This article used an open-source python repository for its analysis. It is well-suited for reproduction as more literature evolves on the intersection of urban planning and climate change. The adapted code is published alongside the article.
The method is trained on the data that were available, but it is meant to be re-trainable as soon as new data are published. It would be great to be really sure that even someone else will be able to do it. In case we receive any feedback, we would be really happy to improve our Github repository so as to make the reproduction easier!
We do care about reproducibility. In case we receive any feedback, we would be really happy to improve our Github repository and/or submitted manuscript so as to make the reproduction easier!
Systematically improvable machine learning potentials could have a significant impact on the range of properties that can be modelled, but the toolchain associated with using them presents a barrier to entry for new users. Attempting to reproduce some of our results will help us improve the accessibility of the approach.
Popular descriptors for machine learning potentials such as the Behler-Parinello atom centred symmetry functions (ACSF) or the Smooth Overlap of Interatomic Potentials (SOAP) are widely used but so far not much attention has been paid to optimising how many descriptor components need to be included to give good results.
There are many applications to multi-MeV X-rays. Their penetrative properties make them good for scanning dense objects for industry, and their ionising properties can destroy tumours in radiotherapy. They are also around the energy of nuclear transitions, so they can trigger nuclear reactions to break down nuclear waste into medical isotopes, or to reveal smuggled nuclear-materials for port security. Laser-driven X-ray generation offers a compact and efficient way to create a bright source of X-rays, without having to construct a large synchrotron. To fully utilise this capability, work on optimising the target design and understanding the underlying X-ray mechanisms are essential. The hybrid-PIC code is in a unique position to model the full interaction, so its ease-of-use and reproducibility are crucial for this field to develop.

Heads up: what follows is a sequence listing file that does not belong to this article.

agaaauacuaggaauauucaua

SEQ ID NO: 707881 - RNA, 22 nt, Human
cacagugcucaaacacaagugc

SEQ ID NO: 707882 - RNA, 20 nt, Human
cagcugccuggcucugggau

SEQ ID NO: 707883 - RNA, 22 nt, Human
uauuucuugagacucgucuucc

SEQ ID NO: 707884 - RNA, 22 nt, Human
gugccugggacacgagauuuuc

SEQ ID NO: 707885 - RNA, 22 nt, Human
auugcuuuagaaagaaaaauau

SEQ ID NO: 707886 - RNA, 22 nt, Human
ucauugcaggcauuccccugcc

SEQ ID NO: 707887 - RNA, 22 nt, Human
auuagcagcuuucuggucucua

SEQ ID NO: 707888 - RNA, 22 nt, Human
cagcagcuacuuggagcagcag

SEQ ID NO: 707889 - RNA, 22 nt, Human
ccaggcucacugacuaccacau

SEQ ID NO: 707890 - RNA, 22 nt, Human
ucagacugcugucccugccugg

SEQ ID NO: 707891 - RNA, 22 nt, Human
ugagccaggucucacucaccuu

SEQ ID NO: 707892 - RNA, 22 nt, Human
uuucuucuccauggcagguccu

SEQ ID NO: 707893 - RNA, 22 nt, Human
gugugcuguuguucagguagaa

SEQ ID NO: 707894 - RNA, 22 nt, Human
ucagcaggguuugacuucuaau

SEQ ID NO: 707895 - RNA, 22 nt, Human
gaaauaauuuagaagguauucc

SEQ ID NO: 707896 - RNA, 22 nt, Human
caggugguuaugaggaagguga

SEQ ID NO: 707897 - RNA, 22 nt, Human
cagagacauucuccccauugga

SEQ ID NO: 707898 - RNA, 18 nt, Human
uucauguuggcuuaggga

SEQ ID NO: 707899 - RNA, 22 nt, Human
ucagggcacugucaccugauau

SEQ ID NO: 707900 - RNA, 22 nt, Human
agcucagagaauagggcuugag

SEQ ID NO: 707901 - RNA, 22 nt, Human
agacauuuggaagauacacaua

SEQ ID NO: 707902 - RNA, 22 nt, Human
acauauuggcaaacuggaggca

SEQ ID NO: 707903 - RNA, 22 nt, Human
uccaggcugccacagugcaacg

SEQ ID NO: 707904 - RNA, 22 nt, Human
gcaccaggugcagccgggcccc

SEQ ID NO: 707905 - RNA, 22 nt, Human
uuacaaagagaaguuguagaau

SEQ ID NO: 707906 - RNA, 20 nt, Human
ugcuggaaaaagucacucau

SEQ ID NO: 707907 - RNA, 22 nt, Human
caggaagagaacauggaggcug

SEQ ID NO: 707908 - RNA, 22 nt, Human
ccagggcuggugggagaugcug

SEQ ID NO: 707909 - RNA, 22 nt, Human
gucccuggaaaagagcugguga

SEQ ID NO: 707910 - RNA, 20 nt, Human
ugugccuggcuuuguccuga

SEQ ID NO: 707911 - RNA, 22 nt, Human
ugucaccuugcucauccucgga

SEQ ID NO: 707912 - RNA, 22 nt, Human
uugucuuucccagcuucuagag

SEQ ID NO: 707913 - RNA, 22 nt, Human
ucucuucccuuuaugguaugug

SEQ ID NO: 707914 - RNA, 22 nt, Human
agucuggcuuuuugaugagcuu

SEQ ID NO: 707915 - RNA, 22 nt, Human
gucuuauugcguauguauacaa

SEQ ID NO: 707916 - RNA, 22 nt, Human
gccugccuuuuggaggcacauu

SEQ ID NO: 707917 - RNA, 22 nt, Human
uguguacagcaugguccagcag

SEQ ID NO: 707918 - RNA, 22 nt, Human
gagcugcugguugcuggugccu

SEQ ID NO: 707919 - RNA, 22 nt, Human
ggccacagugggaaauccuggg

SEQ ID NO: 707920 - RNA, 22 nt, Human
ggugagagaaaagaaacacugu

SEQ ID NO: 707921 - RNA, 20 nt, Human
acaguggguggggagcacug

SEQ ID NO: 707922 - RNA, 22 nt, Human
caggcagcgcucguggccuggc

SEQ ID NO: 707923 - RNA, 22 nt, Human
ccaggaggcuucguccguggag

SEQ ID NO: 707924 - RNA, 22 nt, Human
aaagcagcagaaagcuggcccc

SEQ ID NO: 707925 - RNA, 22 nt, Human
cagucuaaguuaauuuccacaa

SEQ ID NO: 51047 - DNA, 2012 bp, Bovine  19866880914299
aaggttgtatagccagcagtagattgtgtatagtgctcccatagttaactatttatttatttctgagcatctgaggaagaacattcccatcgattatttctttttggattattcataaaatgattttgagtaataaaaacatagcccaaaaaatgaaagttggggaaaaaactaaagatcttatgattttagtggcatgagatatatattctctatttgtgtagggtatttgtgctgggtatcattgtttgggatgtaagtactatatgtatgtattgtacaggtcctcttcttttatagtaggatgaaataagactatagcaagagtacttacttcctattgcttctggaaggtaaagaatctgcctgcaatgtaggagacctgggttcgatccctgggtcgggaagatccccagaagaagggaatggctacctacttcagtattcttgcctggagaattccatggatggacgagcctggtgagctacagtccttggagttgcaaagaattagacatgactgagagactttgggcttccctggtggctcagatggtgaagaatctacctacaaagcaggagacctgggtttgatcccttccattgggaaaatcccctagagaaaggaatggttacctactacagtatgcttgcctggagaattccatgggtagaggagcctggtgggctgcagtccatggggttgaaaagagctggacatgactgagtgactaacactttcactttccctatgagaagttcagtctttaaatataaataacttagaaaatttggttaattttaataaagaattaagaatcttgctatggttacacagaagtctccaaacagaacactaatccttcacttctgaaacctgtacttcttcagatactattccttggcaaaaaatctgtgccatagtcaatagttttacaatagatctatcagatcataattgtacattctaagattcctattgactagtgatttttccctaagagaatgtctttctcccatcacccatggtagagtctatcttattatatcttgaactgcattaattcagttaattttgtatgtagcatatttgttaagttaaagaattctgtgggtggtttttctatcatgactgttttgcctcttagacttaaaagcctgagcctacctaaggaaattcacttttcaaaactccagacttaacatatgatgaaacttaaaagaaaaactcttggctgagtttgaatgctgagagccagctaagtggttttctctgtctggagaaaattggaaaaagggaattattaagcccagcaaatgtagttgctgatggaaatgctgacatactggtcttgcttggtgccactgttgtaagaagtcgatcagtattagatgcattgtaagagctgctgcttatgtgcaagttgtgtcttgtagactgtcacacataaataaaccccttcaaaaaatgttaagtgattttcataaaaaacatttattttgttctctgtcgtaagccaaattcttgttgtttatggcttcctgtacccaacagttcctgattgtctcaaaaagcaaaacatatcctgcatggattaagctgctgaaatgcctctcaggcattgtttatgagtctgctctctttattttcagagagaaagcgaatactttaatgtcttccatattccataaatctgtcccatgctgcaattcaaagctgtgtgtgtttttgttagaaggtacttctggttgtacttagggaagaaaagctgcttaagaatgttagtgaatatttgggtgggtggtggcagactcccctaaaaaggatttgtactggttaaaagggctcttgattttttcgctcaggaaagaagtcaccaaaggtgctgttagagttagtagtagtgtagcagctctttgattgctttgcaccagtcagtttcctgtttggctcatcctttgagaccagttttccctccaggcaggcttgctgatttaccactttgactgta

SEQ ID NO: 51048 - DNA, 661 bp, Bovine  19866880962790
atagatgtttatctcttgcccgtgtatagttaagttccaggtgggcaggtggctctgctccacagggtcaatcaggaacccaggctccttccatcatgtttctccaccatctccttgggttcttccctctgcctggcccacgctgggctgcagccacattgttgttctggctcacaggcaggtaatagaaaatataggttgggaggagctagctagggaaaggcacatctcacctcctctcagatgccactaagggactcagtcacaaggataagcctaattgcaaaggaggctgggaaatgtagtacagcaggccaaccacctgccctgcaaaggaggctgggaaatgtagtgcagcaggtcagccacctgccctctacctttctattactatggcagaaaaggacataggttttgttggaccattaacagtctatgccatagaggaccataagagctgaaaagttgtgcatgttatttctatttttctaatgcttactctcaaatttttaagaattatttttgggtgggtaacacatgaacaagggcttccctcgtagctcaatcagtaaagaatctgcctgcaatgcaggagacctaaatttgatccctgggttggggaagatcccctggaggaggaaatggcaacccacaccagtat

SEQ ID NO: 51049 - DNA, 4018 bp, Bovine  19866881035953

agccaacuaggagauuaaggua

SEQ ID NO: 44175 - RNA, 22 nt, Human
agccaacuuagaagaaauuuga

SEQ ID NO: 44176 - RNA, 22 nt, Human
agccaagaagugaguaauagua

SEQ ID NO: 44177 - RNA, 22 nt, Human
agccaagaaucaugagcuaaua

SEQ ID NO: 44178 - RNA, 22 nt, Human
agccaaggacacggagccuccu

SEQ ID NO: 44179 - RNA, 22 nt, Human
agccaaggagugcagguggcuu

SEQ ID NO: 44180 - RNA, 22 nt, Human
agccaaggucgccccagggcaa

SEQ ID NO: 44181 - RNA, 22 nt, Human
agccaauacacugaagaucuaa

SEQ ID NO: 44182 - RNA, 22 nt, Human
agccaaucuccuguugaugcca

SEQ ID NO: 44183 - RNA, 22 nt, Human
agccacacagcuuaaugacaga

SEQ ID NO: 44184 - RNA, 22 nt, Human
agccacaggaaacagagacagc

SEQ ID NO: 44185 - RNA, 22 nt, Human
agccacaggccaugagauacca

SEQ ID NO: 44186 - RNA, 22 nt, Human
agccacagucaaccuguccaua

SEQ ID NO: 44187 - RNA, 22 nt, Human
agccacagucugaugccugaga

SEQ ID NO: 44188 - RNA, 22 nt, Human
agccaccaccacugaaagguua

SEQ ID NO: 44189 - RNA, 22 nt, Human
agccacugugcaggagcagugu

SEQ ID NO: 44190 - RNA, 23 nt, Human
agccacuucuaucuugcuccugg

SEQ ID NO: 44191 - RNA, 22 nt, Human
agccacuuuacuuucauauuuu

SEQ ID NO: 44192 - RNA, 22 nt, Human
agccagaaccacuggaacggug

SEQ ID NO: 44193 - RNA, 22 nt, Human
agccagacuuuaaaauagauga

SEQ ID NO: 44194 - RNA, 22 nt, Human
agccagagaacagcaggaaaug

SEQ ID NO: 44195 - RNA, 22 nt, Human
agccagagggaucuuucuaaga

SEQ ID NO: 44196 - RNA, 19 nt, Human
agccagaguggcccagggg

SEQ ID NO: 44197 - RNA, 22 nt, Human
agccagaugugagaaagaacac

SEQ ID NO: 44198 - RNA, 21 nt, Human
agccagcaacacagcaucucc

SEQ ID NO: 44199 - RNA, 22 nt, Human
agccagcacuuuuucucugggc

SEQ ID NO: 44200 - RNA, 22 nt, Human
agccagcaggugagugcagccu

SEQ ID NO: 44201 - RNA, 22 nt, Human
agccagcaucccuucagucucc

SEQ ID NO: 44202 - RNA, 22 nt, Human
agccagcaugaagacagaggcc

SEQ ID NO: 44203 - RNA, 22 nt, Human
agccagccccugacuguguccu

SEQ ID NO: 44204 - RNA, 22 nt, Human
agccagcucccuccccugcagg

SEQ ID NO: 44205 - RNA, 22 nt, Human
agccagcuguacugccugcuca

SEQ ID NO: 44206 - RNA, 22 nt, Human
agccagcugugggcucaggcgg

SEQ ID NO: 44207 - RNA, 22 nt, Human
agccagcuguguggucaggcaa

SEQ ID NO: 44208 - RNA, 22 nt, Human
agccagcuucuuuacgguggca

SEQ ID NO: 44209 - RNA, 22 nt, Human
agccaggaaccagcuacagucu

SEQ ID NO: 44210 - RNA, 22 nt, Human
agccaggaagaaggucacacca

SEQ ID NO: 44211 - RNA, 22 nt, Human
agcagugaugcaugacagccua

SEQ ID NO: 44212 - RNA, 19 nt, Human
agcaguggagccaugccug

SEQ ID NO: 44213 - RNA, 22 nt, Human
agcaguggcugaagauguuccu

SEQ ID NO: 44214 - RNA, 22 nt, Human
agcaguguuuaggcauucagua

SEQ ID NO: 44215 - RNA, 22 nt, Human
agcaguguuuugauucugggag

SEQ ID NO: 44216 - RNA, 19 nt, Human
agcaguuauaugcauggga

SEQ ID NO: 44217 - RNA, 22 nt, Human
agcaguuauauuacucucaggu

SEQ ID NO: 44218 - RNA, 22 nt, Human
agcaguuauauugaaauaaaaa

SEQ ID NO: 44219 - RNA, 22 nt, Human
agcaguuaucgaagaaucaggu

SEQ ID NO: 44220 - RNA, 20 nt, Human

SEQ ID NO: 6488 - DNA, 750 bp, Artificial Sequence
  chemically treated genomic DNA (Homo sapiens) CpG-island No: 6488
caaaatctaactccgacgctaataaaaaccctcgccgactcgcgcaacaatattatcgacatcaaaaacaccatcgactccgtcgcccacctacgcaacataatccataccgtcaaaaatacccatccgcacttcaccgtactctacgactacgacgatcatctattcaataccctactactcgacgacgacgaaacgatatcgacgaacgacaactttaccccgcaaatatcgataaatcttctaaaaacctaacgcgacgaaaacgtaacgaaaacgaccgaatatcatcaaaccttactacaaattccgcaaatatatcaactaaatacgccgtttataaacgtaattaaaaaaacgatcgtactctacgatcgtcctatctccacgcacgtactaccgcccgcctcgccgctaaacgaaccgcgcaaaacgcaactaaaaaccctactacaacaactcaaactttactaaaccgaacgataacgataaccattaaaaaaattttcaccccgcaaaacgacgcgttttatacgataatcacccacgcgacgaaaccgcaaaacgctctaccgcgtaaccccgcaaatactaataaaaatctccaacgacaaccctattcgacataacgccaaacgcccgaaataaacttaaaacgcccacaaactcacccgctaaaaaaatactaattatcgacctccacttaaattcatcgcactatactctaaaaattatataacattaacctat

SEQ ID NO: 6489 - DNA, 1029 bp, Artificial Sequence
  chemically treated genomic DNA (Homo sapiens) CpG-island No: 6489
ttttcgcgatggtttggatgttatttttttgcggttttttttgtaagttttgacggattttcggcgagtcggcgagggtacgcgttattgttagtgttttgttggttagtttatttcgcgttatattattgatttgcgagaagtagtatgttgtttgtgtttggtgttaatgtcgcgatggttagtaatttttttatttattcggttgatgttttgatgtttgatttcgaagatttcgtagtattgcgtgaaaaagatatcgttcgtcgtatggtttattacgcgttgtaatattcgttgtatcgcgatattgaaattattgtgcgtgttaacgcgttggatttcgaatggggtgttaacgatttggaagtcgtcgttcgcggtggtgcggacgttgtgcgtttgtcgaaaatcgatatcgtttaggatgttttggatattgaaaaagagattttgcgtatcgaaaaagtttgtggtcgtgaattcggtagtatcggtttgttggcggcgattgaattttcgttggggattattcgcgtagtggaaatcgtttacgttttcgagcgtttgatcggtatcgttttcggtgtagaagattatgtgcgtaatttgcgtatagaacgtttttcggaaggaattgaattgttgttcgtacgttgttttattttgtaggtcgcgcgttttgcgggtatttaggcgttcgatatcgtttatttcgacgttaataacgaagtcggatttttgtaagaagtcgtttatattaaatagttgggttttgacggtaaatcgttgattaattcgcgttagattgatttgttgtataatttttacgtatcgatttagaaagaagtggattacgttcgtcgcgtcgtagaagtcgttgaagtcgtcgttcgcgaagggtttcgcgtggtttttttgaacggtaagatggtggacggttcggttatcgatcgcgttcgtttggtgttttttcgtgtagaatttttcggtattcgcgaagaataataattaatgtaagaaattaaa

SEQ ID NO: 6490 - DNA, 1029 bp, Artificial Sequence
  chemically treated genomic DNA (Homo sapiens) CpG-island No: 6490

The current code is written in Torch, which is no longer actively maintained. Since deep learning in nanophotonics is an area of active interest (e.g. for the design of new metamaterials), it is important to update the code to use a more modern deep learning library such as tensorflow/keras
We propose a simple method to retrieve optical constants from single optical transmittance measurements, in particular in the fundamental absorption region. The construction of needed envelopes is arbitrary and will depend on the user. However, the method should still be robust and deliver similar results.